VR Comeback: Companies to Watch

As so much of our world and work shift to the digital realm in the wake of COVID-19, companies across all sectors and industries are beginning to think differently about the ways in which they could and should be leveraging new technologies to mitigate the economic impact of social isolation and create new opportunities online. 

At the top of their list of technologies to explore? Virtual and augmented reality – known collectively as extended reality – which many believe have finally reached the crucial crux of hardware and software sophistication to fast-track their ascent towards mass adoption. 

And the numbers back it up. The IDC predicts that worldwide spending on augmented and virtual reality will reach $18.8 billion in 2020 – a 78.5% increase over the amount spent in 2019. Moreover, those investments are expected to shift away from the traditional consumer space and find new, creative uses in the enterprise realm, clearing the path for non-traditional players to establish themselves as industry trailblazers. 

So what do economic developers need to understand about the VR industry to move ahead of the line when the opportunity comes knocking? Which sectors are showing signs of significant and rapid growth thanks to the newfound accessibility of this bleeding-edge technology? Here are a few of the trends to look out for in 2020.

The gaming industry is losing its monopoly

Though extended reality (XR) may have gotten its foothold in the gaming industry – think Occulus Rift and Pokemon Go – it seems the initial wave of excitement at this new immersive form of storytelling might be dying down. Back in 2018, an XR industry report by Eloqua found that 50% of industry professionals had plans to work with the gaming industry within the next 12 months. A year later, that number had dropped to 33.3%.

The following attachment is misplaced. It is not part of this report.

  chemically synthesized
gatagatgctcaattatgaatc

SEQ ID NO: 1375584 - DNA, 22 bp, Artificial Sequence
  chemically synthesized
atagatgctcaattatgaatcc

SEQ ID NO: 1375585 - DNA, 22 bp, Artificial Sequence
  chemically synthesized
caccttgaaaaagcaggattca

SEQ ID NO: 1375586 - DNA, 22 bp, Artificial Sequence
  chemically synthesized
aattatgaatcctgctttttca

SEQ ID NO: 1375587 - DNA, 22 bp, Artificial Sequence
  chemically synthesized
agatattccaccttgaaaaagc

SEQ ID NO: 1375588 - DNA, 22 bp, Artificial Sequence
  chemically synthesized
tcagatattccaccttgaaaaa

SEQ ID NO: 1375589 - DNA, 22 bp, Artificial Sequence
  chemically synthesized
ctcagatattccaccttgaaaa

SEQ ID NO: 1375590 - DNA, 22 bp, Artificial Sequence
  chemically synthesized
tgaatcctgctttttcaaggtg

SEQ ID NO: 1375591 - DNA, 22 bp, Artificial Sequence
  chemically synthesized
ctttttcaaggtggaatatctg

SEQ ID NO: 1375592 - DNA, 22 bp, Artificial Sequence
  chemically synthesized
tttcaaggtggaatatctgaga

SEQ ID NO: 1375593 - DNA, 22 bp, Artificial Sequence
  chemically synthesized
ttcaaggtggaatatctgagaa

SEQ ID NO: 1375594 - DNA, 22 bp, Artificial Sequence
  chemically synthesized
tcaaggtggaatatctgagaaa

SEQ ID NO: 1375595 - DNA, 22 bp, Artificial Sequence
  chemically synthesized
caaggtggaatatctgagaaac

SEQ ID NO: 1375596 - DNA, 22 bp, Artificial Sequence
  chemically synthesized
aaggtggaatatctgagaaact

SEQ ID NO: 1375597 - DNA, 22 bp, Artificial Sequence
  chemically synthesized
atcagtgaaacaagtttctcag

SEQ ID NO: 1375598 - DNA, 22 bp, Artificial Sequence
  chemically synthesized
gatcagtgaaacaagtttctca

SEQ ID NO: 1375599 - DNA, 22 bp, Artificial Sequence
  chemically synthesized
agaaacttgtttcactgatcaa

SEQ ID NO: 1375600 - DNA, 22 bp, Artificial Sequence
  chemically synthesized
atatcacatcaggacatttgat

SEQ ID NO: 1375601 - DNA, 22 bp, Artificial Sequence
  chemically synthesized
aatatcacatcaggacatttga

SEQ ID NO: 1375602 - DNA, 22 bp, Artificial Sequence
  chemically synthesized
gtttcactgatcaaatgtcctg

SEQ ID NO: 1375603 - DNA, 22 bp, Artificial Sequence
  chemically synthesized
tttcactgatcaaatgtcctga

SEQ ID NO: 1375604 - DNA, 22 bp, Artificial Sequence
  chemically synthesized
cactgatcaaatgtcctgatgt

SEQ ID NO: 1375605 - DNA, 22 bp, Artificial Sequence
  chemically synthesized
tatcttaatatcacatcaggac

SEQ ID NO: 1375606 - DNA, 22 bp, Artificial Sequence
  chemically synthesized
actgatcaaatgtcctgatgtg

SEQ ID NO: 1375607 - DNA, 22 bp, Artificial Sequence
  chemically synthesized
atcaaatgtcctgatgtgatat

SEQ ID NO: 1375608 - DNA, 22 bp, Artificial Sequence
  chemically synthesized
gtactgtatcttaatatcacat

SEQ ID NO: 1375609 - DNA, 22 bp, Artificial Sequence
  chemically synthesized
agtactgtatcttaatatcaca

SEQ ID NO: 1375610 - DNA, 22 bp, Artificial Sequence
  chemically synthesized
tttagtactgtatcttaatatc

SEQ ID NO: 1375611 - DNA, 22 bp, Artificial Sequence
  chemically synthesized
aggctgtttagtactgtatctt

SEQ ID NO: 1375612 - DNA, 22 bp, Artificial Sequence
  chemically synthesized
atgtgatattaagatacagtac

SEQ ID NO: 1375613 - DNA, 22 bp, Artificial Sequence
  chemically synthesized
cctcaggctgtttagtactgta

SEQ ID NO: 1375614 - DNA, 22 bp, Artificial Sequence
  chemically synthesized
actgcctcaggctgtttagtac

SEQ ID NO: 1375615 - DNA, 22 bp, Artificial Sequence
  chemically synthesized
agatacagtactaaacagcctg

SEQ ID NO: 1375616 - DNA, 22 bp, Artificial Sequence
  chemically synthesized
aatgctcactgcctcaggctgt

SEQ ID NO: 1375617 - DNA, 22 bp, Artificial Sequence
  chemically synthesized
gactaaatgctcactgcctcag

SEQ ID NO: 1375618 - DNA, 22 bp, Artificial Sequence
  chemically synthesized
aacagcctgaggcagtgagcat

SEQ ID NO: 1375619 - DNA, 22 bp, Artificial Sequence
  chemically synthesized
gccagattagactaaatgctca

There are multiple reasons that could explain their waning interest: lower hardware adoption rates than expected, the difficulty in creating immersive content with enough cross-over potential to seduce casual gamers, low engagement rates in players that may only play a game for a few weeks before losing interest. Either way, XR experts are increasingly looking elsewhere for opportunities to make their case on the potential power of this budding technology – and their eyes are settling on the corporate world.

XR is going corporate

As XR capabilities evolve alongside other key computing technologies such as 5G – which would finally enable processing speeds capable of seamlessly hosting VR games directly in the Cloud without any added latency – enterprise development is steadily surpassing all forms of consumer-facing development. A 2020 Industry report found that 73% of surveyed XR technology and content suppliers are shifting their focus to enterprise solutions, while less than half of respondents are working on consumer-facing products or solutions. 

And with enterprise users seeing quick and significant results, that trend is likely to stick throughout 2020 – 93% of enterprise users have already noticed the positive impact of VR on their bottom line. But one hurdle still remains on the pathway to mass adoption in the corporate space: the cost and clunkiness of VR hardware.

All eyes are on hardware

As with any new technology, VR’s growth has been shaped by an underlying chicken-and-egg challenge: content creators need powerful yet intuitive hardware to produce immersive experiences, while hardware developers need the influx of cash and interest that come with a breakaway hit.

“If you think you kind of understand what’s going on with that tech today, you probably don’t. We’re still in the middle of landing the airplane of all these new devices.”

Philip Rosedale, cofounder of High Fidelity


In the past, VR goggles have been notoriously heavy, uncomfortable and tethered to their PCs by a collection of clunky wires. That’s to say nothing of the price, which could run you upwards of $800. In fact, a 2019 survey found that 29% of businesses see cost as the biggest hurdle in integrating VR within their companies.